Steve Hamilton, also of Harrison County, said, “I don’t think the pipeline should be built. There is simply too much danger. They want to take them through two national forests. If pipelines are so great, why not take the easiest route – the highway system? They won’t do that because it is too dangerous.”

Autumn Long, who lives in nearby Wallace, said, “This day of action brings together communities that are geographically dispersed but united by exploitation suffered at the hands of the oil and gas industry. Fossil fuel development is destroying our environment, impacting our health, and degrading our quality of life. By publicly linking hands across our land, we are demonstrating opposition to this exploitation and solidarity in our shared struggle.”

Ponton said the goal of Hands Across Our Land is to call attention to the plight of rural communities, to build solidarity and to make connections. She said, “Rural America will not be a sacrifice zone for the energy industry in their attempts to put profit before people. These grassroots groups and many others stood up together to protect the watersheds of millions of Americans from dangerous drilling practices, to stop their homes and families’ health from being put at risk, and to use their collective voices to loudly proclaim that their land will not be stolen by the misuse of eminent domain.” She added, “Our elected officials should listen to the people.”

Free Nelson founder and Episcopal priest, the Rev. Marion Kanour, wondered, “What could our world become if corporations were guided by environmental and social responsibility rather than greed?”

Related Articles:
A Dirty Dozen Reasons to Oppose Fracking
Standing Their Ground
West Virginia Couple Models Renewable Energy
Fracking Poses Threats to Public Health

© The Appalachian Preservation Project, 2015. The Appalachian Chronicle is a publication of the Appalachian Preservation Project. If you find this writing of value, we hope that you will consider support our independent work by becoming a member of the Appalachian Preservation Project. By doing so, you will be supporting not only this website, but also our other outreaches, programs and partnerships.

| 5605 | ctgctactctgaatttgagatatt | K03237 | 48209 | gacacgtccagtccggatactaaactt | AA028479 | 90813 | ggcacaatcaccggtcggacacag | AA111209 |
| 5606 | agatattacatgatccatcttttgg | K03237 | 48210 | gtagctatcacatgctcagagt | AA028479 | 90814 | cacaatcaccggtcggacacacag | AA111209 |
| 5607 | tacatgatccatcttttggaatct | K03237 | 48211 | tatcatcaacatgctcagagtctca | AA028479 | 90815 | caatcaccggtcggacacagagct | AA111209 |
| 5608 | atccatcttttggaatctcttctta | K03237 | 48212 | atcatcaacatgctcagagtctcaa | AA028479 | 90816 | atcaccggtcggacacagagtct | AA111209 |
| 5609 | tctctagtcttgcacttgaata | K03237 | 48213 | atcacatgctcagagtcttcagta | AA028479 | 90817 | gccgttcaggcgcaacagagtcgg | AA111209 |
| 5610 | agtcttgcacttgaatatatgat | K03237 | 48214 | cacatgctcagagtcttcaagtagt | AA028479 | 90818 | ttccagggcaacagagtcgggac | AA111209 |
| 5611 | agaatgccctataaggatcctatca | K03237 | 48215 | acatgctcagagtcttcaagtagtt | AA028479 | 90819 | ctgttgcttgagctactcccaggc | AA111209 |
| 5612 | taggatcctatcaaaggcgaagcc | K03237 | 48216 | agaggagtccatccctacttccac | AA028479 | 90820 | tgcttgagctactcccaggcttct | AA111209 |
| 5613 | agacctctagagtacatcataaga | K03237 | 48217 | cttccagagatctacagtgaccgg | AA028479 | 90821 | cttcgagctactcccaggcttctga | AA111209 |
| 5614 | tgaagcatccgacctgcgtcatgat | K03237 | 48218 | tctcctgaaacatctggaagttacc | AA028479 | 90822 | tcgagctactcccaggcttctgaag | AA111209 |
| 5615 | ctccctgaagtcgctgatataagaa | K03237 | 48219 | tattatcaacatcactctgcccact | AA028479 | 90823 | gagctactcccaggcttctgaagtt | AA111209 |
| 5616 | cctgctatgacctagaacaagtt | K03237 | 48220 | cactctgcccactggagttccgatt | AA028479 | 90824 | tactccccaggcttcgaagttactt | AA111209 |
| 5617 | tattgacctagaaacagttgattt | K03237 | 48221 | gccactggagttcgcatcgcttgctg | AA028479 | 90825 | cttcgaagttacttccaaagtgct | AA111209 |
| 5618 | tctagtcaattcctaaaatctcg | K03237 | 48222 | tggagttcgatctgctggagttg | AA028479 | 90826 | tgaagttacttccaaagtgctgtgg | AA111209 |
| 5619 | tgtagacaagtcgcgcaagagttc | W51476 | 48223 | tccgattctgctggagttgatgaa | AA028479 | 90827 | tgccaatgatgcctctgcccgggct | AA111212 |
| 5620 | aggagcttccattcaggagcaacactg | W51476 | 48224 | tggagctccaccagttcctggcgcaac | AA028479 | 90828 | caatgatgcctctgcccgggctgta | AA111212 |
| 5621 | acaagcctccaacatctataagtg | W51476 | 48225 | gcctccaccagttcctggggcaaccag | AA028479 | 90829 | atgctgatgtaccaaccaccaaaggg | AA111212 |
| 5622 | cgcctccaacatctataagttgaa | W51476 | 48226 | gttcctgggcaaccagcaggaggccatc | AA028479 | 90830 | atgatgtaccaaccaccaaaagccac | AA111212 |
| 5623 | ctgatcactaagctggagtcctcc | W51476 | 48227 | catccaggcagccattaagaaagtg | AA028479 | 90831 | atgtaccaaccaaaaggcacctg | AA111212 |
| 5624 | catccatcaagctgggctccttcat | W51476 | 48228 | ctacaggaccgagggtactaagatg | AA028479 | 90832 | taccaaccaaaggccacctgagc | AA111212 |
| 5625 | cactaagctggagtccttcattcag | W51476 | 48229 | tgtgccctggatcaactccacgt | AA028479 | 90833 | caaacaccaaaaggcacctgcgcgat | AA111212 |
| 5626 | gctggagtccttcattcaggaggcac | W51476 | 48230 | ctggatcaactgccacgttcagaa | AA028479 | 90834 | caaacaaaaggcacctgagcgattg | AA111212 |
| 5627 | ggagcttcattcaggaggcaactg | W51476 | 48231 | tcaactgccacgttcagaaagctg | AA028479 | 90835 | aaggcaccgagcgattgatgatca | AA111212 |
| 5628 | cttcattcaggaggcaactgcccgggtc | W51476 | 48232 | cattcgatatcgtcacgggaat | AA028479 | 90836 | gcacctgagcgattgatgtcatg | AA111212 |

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On Twitter: @appchronicle

A Plea to West Virginians: Throw Off Your Oppressors

Before surrendering or joining the exodus, get educated and fight – peacefully – against the powerful interests which control The Mountain State

By Michael M. Barrick

ALUM BRIDGE, W.Va. – The recent admission by Secretary Randy Huffman of the West Virginia Department of Environmental Protection (WVDEP) that the agency he heads can’t do its job because powerful business and political interests control The Mountain State is a wake-up call to all West Virginians.State seal_old gold

It is time of us to throw off our oppressors so that Huffman and other public officials can do their jobs.

In the last two years, I have put thousands of miles on my little car covering the energy extraction industry. What I have discovered is that West Virginians are basically in four camps:
1. Some work for the industry and truly believe they are doing good work; these folks are in the minority.
2. Others are working against the industry through established environmental or social justice groups and alliances because they consider the industry an assault upon the people and ecology of West Virginia; they, too, are in the minority.
3. Still others have just given up and have joined the exodus of West Virginians going to what they hope are greener pastures; these folks are also a small minority, though it is causing a brain drain that will have an impact upon the state that is greater than their numbers.
4. Finally, there are the docile West Virginians. They just roll over and accept whatever their public officials, business leaders or church leaders tell them. They, sadly, constitute the majority of West Virginians.

You may disagree with those categories. This, however, is my experience. It is also consistent with our state’s history.

This is an appeal to folks in all four categories, as well as those few prophetic voices in our hills and hollows, to get educated and fight – peacefully – to rescue our home from the powerful people and interests that have made West Virginia their own personal playground to enrich themselves.